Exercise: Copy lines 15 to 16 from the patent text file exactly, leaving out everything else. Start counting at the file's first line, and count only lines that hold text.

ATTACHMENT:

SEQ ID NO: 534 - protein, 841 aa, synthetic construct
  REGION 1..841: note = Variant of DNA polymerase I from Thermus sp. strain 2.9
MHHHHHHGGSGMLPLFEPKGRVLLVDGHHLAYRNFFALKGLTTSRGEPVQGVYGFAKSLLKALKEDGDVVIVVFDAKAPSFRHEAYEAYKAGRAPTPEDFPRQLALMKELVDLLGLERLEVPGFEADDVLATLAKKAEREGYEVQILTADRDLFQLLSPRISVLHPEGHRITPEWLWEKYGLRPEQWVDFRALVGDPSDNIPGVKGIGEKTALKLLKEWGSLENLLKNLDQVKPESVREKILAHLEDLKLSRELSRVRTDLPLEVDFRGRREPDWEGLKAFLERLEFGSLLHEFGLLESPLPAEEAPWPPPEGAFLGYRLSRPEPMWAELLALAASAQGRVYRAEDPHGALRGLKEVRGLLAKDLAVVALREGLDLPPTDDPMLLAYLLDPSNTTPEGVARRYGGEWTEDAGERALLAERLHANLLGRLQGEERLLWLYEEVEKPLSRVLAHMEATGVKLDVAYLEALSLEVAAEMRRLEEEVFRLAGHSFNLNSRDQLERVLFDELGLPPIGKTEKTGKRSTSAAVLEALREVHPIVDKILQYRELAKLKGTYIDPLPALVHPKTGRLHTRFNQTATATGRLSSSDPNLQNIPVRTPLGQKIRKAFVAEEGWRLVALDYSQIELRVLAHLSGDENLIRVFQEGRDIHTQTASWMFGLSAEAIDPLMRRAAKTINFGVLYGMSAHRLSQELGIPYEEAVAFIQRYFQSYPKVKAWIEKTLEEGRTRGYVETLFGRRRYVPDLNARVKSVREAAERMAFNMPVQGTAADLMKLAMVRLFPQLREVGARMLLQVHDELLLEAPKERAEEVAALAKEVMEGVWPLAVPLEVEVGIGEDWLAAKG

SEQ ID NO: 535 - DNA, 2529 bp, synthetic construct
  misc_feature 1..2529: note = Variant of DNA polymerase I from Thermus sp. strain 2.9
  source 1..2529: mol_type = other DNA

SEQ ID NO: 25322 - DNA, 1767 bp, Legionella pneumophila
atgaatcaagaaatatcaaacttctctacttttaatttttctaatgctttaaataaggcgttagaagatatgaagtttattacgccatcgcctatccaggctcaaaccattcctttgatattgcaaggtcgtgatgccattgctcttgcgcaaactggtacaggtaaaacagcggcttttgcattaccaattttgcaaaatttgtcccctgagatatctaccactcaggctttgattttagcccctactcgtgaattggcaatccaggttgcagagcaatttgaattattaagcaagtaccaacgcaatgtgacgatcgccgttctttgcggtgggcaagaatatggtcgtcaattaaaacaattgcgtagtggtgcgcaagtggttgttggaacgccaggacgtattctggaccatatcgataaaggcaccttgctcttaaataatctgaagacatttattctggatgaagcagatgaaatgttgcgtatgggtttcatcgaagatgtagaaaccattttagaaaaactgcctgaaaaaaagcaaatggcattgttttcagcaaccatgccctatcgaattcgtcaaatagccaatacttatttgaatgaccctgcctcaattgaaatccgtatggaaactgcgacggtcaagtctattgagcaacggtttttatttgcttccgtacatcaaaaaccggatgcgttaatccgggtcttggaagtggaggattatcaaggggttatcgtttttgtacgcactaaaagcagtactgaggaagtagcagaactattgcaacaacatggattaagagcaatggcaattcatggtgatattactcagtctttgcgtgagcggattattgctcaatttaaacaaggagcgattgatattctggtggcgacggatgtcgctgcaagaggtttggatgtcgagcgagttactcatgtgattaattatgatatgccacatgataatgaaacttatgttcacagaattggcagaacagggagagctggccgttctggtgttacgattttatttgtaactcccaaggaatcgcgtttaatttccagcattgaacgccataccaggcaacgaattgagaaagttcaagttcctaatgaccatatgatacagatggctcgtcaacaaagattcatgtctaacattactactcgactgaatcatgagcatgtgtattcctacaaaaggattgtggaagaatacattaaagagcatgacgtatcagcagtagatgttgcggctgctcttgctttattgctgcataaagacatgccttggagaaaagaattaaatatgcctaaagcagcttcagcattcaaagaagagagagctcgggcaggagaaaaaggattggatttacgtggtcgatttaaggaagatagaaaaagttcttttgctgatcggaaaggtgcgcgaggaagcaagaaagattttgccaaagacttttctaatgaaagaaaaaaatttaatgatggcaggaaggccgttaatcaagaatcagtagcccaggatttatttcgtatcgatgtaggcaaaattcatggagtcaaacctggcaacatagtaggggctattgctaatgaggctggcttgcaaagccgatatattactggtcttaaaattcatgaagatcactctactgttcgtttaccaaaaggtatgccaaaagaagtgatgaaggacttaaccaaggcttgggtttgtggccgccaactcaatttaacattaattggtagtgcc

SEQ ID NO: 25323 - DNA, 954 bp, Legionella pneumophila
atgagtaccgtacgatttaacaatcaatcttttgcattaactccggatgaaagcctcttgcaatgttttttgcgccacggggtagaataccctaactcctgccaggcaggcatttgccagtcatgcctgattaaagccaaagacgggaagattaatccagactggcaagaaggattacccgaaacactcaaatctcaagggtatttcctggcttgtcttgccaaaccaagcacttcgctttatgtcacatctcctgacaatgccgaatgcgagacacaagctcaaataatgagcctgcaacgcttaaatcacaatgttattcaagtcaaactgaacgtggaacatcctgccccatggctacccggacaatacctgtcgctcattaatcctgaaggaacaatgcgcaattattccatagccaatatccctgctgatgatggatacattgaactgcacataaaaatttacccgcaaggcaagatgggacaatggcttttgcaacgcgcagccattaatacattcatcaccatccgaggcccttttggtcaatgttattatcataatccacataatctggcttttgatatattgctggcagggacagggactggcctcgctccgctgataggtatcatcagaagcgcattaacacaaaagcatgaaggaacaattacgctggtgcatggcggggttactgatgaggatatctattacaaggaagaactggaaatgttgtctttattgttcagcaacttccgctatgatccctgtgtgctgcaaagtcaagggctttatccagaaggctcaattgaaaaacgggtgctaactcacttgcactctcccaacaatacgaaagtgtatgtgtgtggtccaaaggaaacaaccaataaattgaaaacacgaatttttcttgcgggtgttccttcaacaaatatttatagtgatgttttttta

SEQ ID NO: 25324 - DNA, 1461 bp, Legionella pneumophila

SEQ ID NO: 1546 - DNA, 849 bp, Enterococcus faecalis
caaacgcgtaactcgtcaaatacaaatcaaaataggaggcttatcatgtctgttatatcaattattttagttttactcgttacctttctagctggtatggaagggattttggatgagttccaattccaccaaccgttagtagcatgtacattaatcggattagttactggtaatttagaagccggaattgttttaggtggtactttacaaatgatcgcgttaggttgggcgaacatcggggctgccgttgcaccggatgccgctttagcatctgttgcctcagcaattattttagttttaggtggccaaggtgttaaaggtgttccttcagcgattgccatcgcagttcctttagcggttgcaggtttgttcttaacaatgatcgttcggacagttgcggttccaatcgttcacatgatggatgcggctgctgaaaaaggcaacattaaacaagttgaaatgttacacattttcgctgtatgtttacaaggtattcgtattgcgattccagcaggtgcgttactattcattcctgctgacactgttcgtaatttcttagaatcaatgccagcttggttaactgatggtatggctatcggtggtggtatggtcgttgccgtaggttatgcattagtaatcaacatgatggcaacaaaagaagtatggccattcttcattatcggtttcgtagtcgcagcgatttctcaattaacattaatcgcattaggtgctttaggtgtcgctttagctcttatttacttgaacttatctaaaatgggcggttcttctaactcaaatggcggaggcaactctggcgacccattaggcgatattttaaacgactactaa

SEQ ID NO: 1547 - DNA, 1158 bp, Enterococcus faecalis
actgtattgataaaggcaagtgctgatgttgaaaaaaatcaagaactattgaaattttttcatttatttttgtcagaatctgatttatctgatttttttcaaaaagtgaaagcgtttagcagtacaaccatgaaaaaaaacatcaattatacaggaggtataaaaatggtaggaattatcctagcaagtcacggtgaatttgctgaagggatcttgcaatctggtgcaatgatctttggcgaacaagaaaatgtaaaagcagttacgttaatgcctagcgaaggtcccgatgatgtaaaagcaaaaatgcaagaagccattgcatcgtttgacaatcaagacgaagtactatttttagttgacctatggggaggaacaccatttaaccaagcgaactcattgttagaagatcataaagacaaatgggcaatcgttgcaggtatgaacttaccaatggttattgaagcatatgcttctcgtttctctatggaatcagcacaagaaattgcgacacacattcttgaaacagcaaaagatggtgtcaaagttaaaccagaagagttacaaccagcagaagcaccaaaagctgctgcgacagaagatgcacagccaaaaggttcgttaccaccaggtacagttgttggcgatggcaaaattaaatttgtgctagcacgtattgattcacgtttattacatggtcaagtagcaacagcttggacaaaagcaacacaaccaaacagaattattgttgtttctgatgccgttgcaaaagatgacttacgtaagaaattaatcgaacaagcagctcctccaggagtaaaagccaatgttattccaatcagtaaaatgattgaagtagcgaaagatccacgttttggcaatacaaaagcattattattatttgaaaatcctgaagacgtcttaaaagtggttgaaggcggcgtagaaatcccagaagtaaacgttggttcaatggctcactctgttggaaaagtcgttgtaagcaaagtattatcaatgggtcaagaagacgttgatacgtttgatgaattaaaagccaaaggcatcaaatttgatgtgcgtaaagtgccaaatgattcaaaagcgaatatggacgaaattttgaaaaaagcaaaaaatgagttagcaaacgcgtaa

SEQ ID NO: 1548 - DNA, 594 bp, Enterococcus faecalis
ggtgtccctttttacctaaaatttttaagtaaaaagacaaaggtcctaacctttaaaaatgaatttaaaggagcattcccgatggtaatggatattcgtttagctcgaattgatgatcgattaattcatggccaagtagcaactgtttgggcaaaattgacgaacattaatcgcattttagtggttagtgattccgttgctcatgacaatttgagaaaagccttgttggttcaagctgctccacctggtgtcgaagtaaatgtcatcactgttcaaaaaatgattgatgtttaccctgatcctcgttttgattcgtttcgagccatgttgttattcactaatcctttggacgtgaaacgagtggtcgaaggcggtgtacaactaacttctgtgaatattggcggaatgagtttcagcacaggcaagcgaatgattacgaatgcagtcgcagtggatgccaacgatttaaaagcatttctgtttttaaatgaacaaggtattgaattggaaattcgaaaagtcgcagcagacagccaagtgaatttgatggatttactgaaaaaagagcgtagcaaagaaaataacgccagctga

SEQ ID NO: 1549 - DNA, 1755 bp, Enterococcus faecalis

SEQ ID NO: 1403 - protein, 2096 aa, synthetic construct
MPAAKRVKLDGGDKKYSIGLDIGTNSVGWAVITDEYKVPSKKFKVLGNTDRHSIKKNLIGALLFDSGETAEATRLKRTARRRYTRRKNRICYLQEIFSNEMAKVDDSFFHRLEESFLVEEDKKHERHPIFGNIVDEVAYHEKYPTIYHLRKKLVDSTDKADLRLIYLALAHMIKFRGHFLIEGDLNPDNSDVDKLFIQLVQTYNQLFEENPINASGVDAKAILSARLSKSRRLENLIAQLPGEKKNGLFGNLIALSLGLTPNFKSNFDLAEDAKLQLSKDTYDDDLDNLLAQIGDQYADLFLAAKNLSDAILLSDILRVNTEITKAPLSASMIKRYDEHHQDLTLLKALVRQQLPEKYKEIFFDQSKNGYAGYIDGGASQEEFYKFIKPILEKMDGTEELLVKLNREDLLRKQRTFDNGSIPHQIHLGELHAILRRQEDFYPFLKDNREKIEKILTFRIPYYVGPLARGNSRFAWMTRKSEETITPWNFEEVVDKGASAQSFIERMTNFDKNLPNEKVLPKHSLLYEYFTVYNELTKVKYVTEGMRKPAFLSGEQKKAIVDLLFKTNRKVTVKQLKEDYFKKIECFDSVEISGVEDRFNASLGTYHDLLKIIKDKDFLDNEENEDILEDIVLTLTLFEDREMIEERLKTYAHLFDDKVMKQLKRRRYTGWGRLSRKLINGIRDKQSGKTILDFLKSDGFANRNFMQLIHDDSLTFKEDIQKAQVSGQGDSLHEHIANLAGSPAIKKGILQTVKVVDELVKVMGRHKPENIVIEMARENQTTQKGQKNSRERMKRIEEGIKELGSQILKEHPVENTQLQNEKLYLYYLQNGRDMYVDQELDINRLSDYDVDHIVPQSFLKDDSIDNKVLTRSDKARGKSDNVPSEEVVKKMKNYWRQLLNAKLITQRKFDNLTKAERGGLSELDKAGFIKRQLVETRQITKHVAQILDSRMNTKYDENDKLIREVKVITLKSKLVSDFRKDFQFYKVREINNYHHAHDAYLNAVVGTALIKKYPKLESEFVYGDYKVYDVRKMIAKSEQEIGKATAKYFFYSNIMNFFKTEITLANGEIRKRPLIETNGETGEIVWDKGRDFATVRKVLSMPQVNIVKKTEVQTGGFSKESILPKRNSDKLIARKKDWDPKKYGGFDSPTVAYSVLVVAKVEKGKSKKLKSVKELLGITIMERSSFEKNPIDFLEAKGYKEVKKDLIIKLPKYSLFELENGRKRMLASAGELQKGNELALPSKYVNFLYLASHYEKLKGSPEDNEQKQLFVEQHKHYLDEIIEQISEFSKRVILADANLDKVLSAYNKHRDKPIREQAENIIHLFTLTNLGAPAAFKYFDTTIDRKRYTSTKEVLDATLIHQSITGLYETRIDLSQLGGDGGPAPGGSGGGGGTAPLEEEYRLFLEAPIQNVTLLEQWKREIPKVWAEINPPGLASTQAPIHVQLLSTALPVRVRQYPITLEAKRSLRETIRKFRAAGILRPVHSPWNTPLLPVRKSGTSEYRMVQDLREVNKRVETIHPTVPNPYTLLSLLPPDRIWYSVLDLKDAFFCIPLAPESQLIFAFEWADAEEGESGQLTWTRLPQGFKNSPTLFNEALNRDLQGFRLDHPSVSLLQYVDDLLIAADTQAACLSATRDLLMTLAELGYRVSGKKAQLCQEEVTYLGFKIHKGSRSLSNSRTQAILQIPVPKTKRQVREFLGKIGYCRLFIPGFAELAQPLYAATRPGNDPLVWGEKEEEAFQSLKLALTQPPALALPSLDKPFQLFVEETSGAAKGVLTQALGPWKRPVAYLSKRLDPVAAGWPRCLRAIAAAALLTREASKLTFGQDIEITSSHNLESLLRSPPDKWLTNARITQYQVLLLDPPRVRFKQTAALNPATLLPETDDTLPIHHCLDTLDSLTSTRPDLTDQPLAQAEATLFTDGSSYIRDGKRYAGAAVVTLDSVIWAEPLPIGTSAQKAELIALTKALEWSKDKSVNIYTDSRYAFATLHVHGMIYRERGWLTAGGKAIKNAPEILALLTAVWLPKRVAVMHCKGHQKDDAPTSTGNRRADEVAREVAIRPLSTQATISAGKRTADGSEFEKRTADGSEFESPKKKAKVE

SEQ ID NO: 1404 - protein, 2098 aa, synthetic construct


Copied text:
actgtattgataaaggcaagtgctgatgttgaaaaaaatcaagaactattgaaattttttcatttatttttgtcagaatctgatttatctgatttttttcaaaaagtgaaagcgtttagcagtacaaccatgaaaaaaaacatcaattatacaggaggtataaaaatggtaggaattatcctagcaagtcacggtgaatttgctgaagggatcttgcaatctggtgcaatgatctttggcgaacaagaaaatgtaaaagcagttacgttaatgcctagcgaaggtcccgatgatgtaaaagcaaaaatgcaagaagccattgcatcgtttgacaatcaagacgaagtactatttttagttgacctatggggaggaacaccatttaaccaagcgaactcattgttagaagatcataaagacaaatgggcaatcgttgcaggtatgaacttaccaatggttattgaagcatatgcttctcgtttctctatggaatcagcacaagaaattgcgacacacattcttgaaacagcaaaagatggtgtcaaagttaaaccagaagagttacaaccagcagaagcaccaaaagctgctgcgacagaagatgcacagccaaaaggttcgttaccaccaggtacagttgttggcgatggcaaaattaaatttgtgctagcacgtattgattcacgtttattacatggtcaagtagcaacagcttggacaaaagcaacacaaccaaacagaattattgttgtttctgatgccgttgcaaaagatgacttacgtaagaaattaatcgaacaagcagctcctccaggagtaaaagccaatgttattccaatcagtaaaatgattgaagtagcgaaagatccacgttttggcaatacaaaagcattattattatttgaaaatcctgaagacgtcttaaaagtggttgaaggcggcgtagaaatcccagaagtaaacgttggttcaatggctcactctgttggaaaagtcgttgtaagcaaagtattatcaatgggtcaagaagacgttgatacgtttgatgaattaaaagccaaaggcatcaaatttgatgtgcgtaaagtgccaaatgattcaaaagcgaatatggacgaaattttgaaaaaagcaaaaaatgagttagcaaacgcgtaa

SEQ ID NO: 1548 - DNA, 594 bp, Enterococcus faecalis